The analysis of 2015 fatal crashes, released this month, showed that the number of collisions where distracted driving was a factor decreased from 190 crashes in 2014 to 168 collisions in 2015. Listed in the analysis as inattentive driving, it is considered the same as distracted driving by law enforcement.
The state Division of Highway Traffic Safety describes distracted driving as any activity that diverts a person’s attention away from the primary task of driving.
However, for the sixth year, the analysis said distracted driving caused more fatal crashes than alcohol, which was a factor in 118 crashes where 132 people were killed and speeding, which was blamed for 82 crashes. In 2015 there were a total of 522 fatal crashes, in which 562 people died.
Safety experts said that drivers are starting to get the message about the dangers of trying to multi-task behind the wheel, but more needs to be done to reduce the number of crashes.
“We still have a long way to go to change the social norm,” said Pam Fischer, former state Division of Highway Traffic Safety director, told NJ.com. “The public recognizes it’s dangerous to use their phones while driving, but point to others as the problem, not themselves.”
In a 2016 AAA survey of 655 New Jersey motorists, 94 percent said they believe other drivers are very or somewhat distracted when using a hand-held phone or a hands-free device to talk or text. However, only 28 percent of them admitted to using a hand-held phone, which is illegal, and 50 percent said they used a hands-free device to make a call.
One reason for the decline in crashes is that more drivers are aware of the dangers of distracted driving and the heavy fines if they’re caught doing it, said Sue Madden, AAA Mid-Atlantic spokeswoman.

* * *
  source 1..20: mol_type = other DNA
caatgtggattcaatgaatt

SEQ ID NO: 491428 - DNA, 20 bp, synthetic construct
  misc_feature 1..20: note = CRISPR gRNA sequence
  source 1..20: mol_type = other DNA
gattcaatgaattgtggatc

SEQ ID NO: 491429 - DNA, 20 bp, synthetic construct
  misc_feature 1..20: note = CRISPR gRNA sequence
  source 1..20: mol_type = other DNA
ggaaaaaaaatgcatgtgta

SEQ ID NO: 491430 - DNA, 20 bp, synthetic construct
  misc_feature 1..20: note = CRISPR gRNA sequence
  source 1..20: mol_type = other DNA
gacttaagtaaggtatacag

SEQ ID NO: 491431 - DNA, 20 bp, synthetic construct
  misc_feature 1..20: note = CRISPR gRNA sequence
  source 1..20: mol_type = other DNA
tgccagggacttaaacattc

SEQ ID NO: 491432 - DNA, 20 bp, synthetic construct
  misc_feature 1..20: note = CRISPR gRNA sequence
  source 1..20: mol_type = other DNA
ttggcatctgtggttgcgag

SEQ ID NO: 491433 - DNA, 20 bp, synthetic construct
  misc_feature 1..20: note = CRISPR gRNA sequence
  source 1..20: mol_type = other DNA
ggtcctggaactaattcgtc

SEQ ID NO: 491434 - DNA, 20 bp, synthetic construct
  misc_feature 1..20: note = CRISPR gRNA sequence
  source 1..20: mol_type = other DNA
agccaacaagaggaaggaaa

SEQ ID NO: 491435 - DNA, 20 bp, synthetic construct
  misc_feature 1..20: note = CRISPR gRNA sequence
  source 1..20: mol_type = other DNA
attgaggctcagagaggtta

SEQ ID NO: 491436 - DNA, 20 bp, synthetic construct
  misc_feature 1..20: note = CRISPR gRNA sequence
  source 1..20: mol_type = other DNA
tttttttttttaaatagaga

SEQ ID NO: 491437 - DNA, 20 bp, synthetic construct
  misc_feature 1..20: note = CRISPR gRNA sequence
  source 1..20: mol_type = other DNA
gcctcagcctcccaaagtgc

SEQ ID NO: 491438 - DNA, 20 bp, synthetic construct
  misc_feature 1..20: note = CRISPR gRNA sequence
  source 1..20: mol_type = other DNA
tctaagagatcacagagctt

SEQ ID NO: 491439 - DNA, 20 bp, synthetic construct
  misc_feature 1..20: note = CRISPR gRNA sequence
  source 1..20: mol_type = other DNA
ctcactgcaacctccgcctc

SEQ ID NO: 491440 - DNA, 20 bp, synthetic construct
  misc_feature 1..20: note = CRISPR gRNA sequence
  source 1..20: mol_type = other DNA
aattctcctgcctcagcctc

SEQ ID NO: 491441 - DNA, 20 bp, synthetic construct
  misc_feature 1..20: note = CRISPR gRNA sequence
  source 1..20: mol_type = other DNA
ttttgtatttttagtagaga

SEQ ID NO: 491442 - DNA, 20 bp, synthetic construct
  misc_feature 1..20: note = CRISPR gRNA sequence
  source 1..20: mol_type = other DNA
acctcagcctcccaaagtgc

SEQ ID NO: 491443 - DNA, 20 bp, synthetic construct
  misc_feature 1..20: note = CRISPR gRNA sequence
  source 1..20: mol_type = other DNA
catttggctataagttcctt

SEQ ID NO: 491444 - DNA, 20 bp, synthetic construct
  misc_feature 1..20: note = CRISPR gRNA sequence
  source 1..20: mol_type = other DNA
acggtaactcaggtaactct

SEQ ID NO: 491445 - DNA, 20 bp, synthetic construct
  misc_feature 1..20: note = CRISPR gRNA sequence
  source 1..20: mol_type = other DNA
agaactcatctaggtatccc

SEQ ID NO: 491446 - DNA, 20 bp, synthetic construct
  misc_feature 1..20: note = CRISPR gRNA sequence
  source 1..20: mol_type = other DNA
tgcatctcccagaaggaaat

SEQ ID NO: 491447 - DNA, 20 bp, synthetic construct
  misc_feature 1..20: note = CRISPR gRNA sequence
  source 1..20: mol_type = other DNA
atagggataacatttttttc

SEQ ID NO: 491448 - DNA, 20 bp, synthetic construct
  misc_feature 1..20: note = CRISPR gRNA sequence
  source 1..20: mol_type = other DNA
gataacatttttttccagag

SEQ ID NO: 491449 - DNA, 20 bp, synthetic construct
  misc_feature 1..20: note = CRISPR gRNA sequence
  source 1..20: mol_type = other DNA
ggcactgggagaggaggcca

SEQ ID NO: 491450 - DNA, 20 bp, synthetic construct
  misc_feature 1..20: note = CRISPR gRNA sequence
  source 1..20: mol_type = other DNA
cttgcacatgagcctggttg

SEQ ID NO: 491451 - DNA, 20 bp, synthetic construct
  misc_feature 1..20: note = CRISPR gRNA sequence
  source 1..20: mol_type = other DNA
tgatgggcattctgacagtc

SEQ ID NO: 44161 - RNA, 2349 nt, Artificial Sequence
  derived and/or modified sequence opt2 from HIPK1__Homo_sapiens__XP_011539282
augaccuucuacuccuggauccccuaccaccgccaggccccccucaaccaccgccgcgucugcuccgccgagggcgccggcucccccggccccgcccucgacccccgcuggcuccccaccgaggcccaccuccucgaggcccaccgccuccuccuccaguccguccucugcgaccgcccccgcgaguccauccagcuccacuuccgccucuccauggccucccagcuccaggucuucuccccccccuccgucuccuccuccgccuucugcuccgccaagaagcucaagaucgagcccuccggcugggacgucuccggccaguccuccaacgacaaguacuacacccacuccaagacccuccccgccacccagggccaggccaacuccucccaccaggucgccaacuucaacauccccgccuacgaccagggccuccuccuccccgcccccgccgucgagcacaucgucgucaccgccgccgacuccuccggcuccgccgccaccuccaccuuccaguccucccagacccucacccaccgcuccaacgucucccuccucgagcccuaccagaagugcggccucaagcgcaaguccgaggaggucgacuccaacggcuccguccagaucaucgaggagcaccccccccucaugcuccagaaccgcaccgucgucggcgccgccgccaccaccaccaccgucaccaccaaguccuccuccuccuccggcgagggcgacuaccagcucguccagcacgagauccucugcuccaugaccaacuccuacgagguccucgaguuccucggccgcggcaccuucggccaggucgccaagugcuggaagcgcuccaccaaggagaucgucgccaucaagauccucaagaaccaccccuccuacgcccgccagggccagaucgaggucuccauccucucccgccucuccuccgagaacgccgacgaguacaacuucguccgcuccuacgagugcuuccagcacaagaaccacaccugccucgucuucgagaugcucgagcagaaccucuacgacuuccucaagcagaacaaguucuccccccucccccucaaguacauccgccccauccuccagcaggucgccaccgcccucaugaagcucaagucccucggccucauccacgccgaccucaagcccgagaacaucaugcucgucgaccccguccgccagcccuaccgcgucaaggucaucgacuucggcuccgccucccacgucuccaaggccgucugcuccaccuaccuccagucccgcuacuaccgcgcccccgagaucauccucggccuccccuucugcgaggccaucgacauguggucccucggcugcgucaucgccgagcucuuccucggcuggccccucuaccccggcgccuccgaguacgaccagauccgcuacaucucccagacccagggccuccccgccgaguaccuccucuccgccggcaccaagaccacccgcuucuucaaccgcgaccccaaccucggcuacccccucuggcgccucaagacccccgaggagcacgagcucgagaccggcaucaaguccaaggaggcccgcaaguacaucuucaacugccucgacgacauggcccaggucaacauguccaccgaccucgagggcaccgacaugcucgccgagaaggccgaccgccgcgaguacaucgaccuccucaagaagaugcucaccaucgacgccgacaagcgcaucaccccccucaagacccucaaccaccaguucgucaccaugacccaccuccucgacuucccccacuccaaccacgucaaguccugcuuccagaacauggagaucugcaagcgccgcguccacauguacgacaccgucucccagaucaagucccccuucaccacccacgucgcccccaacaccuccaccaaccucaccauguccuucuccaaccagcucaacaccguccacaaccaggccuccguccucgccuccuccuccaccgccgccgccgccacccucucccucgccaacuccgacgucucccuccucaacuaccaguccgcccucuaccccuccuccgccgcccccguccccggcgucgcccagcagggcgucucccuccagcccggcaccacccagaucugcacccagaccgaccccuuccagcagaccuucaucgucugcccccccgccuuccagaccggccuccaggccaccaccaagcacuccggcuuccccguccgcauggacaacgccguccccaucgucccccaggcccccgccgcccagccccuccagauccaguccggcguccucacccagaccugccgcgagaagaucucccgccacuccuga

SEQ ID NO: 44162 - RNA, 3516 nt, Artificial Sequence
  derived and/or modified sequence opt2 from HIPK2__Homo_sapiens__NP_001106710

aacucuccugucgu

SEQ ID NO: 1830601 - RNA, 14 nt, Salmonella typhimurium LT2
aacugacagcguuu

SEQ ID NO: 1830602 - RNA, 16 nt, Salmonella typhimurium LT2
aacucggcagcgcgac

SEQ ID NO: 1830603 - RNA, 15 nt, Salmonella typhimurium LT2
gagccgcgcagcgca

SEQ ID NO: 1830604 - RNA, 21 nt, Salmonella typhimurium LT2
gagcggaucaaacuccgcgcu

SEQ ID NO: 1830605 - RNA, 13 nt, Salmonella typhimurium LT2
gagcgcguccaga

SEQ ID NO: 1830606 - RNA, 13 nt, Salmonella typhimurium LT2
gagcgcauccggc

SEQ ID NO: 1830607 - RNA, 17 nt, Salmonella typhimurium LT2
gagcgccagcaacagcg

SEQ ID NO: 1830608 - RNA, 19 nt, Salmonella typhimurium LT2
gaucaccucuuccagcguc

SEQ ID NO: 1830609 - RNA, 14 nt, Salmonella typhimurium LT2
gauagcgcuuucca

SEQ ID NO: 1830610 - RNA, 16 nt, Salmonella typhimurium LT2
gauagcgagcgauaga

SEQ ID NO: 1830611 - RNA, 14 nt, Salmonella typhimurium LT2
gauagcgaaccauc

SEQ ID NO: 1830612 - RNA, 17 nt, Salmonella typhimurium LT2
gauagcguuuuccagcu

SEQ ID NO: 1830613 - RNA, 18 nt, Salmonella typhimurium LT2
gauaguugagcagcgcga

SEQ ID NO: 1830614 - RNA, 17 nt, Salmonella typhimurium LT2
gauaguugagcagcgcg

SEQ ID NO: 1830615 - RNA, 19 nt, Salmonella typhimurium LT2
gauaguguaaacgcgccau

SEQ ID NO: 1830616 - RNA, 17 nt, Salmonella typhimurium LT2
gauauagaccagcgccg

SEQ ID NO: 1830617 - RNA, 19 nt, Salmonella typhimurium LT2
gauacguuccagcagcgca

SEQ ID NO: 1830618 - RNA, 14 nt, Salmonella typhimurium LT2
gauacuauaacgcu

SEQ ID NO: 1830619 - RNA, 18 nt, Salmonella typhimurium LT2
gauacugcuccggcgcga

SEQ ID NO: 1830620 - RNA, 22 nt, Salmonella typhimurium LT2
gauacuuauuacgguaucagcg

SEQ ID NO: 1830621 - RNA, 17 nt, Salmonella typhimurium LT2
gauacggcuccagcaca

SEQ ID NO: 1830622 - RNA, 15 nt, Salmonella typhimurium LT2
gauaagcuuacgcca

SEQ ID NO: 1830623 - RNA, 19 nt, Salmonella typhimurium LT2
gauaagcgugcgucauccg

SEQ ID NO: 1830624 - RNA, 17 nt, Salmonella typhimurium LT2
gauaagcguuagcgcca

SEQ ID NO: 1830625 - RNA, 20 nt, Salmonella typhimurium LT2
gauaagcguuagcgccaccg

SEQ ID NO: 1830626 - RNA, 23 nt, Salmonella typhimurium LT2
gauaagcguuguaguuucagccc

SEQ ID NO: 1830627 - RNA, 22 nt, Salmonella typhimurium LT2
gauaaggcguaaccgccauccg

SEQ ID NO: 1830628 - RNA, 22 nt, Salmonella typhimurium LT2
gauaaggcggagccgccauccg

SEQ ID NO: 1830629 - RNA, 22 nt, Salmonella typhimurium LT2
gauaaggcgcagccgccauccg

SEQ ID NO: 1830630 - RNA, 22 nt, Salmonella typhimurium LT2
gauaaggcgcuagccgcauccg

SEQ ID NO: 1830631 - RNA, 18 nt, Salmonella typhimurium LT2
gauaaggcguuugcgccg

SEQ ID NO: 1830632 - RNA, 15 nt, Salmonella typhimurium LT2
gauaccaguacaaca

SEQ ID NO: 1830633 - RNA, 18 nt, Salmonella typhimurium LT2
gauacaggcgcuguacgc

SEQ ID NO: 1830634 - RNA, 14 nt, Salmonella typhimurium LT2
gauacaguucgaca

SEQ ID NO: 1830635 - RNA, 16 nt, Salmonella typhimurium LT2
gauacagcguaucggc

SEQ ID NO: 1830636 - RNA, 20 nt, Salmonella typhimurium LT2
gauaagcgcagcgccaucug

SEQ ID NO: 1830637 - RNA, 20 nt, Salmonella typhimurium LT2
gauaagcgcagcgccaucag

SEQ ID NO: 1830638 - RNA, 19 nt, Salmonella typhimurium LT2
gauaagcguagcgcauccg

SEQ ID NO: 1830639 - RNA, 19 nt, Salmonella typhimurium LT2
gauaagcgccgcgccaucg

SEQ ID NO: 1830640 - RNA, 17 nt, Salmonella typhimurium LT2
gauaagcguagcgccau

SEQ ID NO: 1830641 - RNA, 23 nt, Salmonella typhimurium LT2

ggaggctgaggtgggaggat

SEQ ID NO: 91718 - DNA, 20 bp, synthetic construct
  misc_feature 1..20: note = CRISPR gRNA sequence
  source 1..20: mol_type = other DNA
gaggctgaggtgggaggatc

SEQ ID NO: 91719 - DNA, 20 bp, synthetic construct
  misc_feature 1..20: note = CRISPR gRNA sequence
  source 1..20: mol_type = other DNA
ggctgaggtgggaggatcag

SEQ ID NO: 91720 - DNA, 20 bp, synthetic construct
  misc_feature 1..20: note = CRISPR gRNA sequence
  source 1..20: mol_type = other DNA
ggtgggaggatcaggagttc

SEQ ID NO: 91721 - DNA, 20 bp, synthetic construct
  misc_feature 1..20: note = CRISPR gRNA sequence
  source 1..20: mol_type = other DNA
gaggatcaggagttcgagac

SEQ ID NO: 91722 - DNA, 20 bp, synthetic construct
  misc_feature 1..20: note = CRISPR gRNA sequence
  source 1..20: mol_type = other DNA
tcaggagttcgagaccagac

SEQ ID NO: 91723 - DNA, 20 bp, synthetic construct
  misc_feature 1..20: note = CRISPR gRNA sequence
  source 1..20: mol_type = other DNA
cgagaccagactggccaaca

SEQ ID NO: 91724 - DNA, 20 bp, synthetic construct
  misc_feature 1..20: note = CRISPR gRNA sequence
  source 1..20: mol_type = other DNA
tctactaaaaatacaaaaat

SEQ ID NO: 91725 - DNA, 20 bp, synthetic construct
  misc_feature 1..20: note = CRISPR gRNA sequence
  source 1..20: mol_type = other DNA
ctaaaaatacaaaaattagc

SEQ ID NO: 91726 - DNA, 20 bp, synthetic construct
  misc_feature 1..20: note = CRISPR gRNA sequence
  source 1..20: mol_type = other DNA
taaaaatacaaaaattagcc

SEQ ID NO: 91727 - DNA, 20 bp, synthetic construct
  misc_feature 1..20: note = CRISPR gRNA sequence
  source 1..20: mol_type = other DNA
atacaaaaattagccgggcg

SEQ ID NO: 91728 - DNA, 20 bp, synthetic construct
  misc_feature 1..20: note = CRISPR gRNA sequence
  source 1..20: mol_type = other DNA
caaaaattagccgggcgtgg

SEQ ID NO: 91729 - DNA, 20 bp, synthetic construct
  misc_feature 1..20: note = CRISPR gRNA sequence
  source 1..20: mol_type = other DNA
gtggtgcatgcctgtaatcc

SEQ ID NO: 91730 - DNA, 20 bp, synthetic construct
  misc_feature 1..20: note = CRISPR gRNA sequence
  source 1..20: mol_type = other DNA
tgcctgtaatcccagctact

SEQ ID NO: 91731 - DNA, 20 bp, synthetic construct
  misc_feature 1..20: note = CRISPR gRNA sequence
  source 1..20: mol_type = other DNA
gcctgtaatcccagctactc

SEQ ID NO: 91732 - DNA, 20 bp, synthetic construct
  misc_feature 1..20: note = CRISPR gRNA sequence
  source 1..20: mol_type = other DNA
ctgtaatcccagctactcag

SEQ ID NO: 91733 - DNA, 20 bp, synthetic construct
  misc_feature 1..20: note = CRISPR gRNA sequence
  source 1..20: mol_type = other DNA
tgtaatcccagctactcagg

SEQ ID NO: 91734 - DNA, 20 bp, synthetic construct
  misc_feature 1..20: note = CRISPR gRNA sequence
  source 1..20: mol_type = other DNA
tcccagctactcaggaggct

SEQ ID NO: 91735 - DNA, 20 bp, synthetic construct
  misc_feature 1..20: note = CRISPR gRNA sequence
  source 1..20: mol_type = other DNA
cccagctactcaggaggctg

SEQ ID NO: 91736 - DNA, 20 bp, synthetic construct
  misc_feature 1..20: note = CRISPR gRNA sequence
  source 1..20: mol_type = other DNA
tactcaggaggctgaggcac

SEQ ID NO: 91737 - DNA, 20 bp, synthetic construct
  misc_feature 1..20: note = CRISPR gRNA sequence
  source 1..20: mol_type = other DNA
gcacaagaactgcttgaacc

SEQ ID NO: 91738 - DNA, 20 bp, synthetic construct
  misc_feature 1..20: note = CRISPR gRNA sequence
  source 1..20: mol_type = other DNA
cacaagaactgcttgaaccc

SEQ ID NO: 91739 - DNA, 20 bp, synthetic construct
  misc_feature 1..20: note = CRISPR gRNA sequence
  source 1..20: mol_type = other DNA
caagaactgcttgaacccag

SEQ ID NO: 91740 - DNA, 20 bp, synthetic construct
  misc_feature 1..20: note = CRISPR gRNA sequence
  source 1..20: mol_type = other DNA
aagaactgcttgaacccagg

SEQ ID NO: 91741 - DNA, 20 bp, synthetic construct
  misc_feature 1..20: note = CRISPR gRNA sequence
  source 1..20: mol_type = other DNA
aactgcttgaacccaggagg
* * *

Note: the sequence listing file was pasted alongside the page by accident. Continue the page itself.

But experts are concerned that drivers have a false sense of safety when they use hands free technology behind the wheel, she said.
“As more cars have in-vehicle technology, it has not changed the danger of the cognitive distraction,” said Cathleen Lewis, AAA Northeast spokeswoman. “AAA research shows, some of the voice to text technology has actually increased the cognitive load.”
Using software applications, such as those on smartphones or on in-vehicle technology, while driving, is also an unrecognized distraction, she said.
“Distracted driving in general refers to those using phones or devices,” Lewis said. “It does not include people utilizing apps within their vehicles, which has increased the potential for the most dangerous distraction, cognitive distraction.”
Safety officials said they have to continue to educate drivers about the mental distraction caused by texting, apps and use of on-board technology.
“Just because the number of fatalities may be coming down, which is great, doesn’t mean we let up on the message,” Madden said. “More and more education is needed that texting while driving is a socially unacceptable behavior that puts everyone on the roads at risk.”
Another hopeful sign in the 2015 statistics was an 18 percent drop in alcohol related crashes, the State Police report said.
“It is encouraging to see that in New Jersey, intoxicated drivers involved in fatal crashes is at a 20-year low,” said Col. Joseph R. Fuentes, State Police superintendent, in a prepared statement.
Some of that may be due to younger drivers using ride sharing services such as Uber and Lyft, instead of drinking and driving, experts said.
“Researchers point to social norming, this younger generation making plans ahead of time, [using] on-demand car services,” Fischer said, adding that stepped up education and enforcement has reduced alcohol related fatal crashes.
One area of concern, however, is the potential of a rise in driving while using drugs.
“There is still the very dangerous trend toward driving while impaired by drugs whether it’s illegal or prescribed,” Lewis said. “It is a growing concern that is often not reflected in the stats.”